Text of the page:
that is based on a proper inquiry by the local police or administrative

authorities to detect an illegal foreigner. It is ensured that such an illegal

foreigner has been issued a proper travel document by the embassy of his

country so that he can be duly received by officials of his country when he is

deported.

In Assam, the process of deportation happens only after the determination of

such a person as a “foreigner” under The Foreigners Act, 1946. Then he

becomes liable for deportation. Therefore, there is nothing automatic,

mechanical or discriminatory in this exercise. The state governments and their

district-level authorities enjoy the power of Central Govt. under Section 3 of the

Foreigners Act and Section 5 of The Passport (Entry into India) Act, 1920 to

detect, detain & deport any illegal foreigner.

Can Hindus facing persecution on grounds of religion in countries other

than these 3 countries apply under the CAA?

No, they will have to apply through the usual process to get Indian Citizenship

just like any other foreigner for either registration or naturalization as a citizen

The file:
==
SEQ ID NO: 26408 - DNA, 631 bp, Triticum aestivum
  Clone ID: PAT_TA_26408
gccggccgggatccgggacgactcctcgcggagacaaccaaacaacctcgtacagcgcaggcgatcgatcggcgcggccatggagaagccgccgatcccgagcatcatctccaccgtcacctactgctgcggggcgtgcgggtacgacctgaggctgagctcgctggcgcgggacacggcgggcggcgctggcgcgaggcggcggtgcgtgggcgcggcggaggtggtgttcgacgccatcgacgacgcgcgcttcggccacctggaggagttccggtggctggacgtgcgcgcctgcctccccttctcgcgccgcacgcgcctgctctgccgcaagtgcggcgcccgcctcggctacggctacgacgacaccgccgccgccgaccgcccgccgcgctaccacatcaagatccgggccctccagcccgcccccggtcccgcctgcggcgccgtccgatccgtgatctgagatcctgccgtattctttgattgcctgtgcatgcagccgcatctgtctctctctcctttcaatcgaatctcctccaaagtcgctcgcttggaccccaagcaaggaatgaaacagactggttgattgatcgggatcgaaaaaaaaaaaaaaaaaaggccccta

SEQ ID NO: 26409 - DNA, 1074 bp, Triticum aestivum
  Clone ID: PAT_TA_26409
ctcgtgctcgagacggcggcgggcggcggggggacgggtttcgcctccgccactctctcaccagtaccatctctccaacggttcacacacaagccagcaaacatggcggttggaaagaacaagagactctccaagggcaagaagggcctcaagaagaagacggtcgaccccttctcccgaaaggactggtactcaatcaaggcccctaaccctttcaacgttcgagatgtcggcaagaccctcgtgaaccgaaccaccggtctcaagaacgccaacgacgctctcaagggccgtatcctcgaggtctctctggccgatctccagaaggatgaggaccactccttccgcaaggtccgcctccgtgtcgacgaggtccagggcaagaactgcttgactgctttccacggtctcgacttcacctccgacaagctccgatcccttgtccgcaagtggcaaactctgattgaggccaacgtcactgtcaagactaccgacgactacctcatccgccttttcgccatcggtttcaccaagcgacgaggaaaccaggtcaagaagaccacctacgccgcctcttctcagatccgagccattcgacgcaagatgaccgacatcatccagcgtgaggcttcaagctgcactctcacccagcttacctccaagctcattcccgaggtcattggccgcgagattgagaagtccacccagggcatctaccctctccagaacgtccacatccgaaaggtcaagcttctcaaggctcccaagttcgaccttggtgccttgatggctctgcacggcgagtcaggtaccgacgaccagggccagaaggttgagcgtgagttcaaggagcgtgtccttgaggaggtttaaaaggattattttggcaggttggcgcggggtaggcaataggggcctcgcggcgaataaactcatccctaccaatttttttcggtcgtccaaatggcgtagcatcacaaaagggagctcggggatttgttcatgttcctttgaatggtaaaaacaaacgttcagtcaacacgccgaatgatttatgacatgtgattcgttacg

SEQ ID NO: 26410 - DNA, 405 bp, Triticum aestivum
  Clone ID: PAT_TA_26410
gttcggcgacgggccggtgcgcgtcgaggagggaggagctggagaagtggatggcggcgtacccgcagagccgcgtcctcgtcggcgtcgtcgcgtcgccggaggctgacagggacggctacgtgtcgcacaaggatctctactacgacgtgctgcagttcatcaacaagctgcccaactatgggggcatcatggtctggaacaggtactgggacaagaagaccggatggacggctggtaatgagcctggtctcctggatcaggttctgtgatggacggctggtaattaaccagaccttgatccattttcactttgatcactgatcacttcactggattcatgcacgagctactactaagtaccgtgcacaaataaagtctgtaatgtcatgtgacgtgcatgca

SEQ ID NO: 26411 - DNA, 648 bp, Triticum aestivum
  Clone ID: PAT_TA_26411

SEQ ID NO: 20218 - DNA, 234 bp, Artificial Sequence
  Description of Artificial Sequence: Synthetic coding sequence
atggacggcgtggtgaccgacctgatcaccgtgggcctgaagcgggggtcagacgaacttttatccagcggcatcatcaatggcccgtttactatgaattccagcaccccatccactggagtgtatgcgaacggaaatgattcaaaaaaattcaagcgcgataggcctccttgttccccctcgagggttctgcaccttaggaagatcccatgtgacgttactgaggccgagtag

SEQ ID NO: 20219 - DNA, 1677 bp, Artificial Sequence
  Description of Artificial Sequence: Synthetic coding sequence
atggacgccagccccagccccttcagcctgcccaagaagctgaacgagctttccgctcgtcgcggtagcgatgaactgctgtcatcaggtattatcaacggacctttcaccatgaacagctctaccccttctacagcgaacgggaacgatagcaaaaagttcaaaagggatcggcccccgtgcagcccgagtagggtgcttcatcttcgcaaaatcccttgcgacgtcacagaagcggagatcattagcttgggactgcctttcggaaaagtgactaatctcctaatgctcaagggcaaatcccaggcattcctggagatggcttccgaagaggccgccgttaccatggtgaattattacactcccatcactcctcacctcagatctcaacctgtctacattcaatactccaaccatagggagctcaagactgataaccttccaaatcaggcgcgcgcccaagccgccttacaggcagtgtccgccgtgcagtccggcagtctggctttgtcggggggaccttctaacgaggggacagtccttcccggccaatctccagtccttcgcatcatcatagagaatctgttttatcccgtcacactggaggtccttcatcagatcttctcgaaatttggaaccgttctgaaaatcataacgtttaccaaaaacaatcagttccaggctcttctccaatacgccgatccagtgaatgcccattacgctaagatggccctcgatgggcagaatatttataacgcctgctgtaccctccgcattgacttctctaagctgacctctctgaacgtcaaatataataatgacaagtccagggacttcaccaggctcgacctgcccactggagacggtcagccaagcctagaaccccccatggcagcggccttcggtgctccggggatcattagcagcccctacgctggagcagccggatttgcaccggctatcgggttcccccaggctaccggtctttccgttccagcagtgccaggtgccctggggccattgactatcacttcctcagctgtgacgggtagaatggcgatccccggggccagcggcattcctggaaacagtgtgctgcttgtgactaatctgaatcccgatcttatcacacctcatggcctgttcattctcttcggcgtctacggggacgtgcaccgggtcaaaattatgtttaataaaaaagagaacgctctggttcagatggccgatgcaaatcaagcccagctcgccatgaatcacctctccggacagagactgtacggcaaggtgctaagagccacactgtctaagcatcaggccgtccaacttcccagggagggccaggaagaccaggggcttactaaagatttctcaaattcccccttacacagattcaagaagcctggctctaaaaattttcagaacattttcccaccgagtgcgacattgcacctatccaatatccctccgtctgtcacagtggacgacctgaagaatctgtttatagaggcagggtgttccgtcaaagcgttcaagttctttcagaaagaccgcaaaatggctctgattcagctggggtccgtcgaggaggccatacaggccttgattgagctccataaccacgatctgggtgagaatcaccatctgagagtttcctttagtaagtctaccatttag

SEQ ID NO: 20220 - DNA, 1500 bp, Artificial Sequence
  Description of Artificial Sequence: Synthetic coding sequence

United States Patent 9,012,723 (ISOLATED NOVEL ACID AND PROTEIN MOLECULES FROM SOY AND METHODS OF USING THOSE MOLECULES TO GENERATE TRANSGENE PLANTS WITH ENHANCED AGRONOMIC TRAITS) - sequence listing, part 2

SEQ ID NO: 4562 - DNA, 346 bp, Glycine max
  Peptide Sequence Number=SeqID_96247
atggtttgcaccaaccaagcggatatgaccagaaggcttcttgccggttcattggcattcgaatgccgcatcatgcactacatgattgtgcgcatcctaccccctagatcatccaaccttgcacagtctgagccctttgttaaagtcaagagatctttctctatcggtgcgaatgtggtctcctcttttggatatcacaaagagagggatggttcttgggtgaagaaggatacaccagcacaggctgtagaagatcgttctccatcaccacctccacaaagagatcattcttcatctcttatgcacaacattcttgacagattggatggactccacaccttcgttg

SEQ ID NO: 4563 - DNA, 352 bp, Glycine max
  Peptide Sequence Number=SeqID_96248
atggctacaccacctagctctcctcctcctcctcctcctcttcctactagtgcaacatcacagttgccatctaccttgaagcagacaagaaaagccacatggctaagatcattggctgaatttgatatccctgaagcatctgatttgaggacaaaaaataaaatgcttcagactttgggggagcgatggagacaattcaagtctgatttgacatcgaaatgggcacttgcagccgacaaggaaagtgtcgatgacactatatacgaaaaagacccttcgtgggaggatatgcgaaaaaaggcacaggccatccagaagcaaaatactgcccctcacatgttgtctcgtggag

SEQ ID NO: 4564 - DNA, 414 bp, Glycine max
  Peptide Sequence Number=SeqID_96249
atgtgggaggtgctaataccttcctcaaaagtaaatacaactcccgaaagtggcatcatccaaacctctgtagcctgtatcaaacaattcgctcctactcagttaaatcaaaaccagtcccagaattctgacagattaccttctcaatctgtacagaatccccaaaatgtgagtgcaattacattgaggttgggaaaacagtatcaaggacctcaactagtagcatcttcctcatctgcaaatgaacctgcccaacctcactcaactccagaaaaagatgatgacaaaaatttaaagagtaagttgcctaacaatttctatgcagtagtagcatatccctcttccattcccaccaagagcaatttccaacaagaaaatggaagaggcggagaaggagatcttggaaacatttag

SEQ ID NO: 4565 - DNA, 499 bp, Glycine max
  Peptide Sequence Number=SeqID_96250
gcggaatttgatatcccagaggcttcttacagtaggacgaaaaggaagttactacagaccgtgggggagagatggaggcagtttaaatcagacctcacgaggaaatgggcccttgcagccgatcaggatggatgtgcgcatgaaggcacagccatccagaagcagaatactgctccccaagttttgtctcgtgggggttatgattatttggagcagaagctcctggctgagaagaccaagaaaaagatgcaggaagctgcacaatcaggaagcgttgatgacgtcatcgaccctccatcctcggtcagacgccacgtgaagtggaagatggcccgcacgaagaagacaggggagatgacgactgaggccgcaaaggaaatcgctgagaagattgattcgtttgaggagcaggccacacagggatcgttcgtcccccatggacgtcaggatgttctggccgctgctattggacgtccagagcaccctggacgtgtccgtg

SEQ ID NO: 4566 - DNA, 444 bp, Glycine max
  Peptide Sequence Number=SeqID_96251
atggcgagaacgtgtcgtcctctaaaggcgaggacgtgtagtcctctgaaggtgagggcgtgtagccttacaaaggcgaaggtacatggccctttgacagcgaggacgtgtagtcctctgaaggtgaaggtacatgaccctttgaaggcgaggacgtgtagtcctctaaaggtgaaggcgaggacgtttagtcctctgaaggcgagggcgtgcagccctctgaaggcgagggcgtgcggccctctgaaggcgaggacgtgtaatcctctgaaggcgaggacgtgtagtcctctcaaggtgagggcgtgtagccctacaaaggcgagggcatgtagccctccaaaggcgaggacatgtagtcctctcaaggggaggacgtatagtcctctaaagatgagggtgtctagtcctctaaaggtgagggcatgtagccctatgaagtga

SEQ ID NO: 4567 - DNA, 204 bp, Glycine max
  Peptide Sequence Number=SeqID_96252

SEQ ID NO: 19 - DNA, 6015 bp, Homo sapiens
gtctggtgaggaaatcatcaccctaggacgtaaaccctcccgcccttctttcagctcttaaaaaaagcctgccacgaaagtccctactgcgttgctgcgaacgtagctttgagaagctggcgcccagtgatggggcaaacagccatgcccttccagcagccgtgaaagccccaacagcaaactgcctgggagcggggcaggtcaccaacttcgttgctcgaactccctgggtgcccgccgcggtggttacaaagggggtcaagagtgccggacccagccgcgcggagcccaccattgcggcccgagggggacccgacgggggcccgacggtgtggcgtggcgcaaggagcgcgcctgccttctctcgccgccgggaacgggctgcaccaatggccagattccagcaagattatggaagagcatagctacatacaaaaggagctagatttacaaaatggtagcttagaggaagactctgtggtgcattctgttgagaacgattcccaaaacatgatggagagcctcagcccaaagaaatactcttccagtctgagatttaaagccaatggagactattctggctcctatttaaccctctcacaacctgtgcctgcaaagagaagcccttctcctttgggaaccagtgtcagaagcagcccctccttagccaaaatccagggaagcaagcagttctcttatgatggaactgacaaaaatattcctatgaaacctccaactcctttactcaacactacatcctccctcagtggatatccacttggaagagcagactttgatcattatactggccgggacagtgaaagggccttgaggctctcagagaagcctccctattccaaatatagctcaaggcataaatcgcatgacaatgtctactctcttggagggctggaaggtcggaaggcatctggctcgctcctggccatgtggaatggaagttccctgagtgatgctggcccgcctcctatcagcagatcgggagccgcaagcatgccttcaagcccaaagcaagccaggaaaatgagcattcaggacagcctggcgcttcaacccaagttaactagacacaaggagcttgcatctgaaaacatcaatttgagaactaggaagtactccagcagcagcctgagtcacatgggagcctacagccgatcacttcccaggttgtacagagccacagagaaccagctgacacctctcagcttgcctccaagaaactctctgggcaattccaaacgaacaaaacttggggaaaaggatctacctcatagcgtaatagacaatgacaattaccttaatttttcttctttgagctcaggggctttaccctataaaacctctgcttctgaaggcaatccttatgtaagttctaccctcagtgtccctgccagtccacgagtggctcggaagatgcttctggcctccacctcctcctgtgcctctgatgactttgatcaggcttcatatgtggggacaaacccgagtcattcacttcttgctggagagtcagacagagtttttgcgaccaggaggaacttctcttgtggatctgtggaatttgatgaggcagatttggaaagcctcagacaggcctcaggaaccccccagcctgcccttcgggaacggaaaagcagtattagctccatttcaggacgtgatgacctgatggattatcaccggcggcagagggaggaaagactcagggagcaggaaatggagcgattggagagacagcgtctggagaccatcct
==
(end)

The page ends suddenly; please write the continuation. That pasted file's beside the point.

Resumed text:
of India. They would get no preference under The Citizenship Act, 1955, even

after the CAA.

Does the CAA also cover other forms of persecution – on grounds of race,

gender, membership of a political or social group, language, ethnicity etc.?

No, the CAA is a very focused law that deals specifically with foreigners of six

minority community groups hailing from three neighboring countries that have

their distinct state religion. Any foreigner persecuted abroad on any account
may apply for registration or naturalization as a citizen of India like any other

foreigner if he fulfills the minimum qualifications laid down in The Citizenship

Act, 1955.

The CAA will gradually exclude Indian Muslims from the citizenship of

India?

The CAA does not apply to any Indian citizen at all. All Indian citizens enjoy the

fundamental rights guaranteed by the Constitution of India. CAA is not meant

to deprive any Indian citizen of his citizenship. Rather it is a special law to

enable certain foreigners facing a particular situation in three neighboring

countries to get Indian citizenship.

CAA will be followed by NRC and all migrants except Muslims will be given

citizenship and Muslims will be sent to detention camps?

The CAA has nothing to do with NRC. The legal provisions regarding NRC have

been part of The Citizenship Act, 1955 since December 2004. Also, there are

specific statutory rules of 2003 to operationalize these legal provisions. They

govern the process of registration of Indian citizens and the issuance of national

identity cards to them. These legal provisions have been on

the statute books since the last 15-16 years. The CAA has not altered them in

any way whatsoever.

What are the rules for citizenship under CAA?

Appropriate rules under the CAA are being framed. They will operationalize

various provisions of the CAA.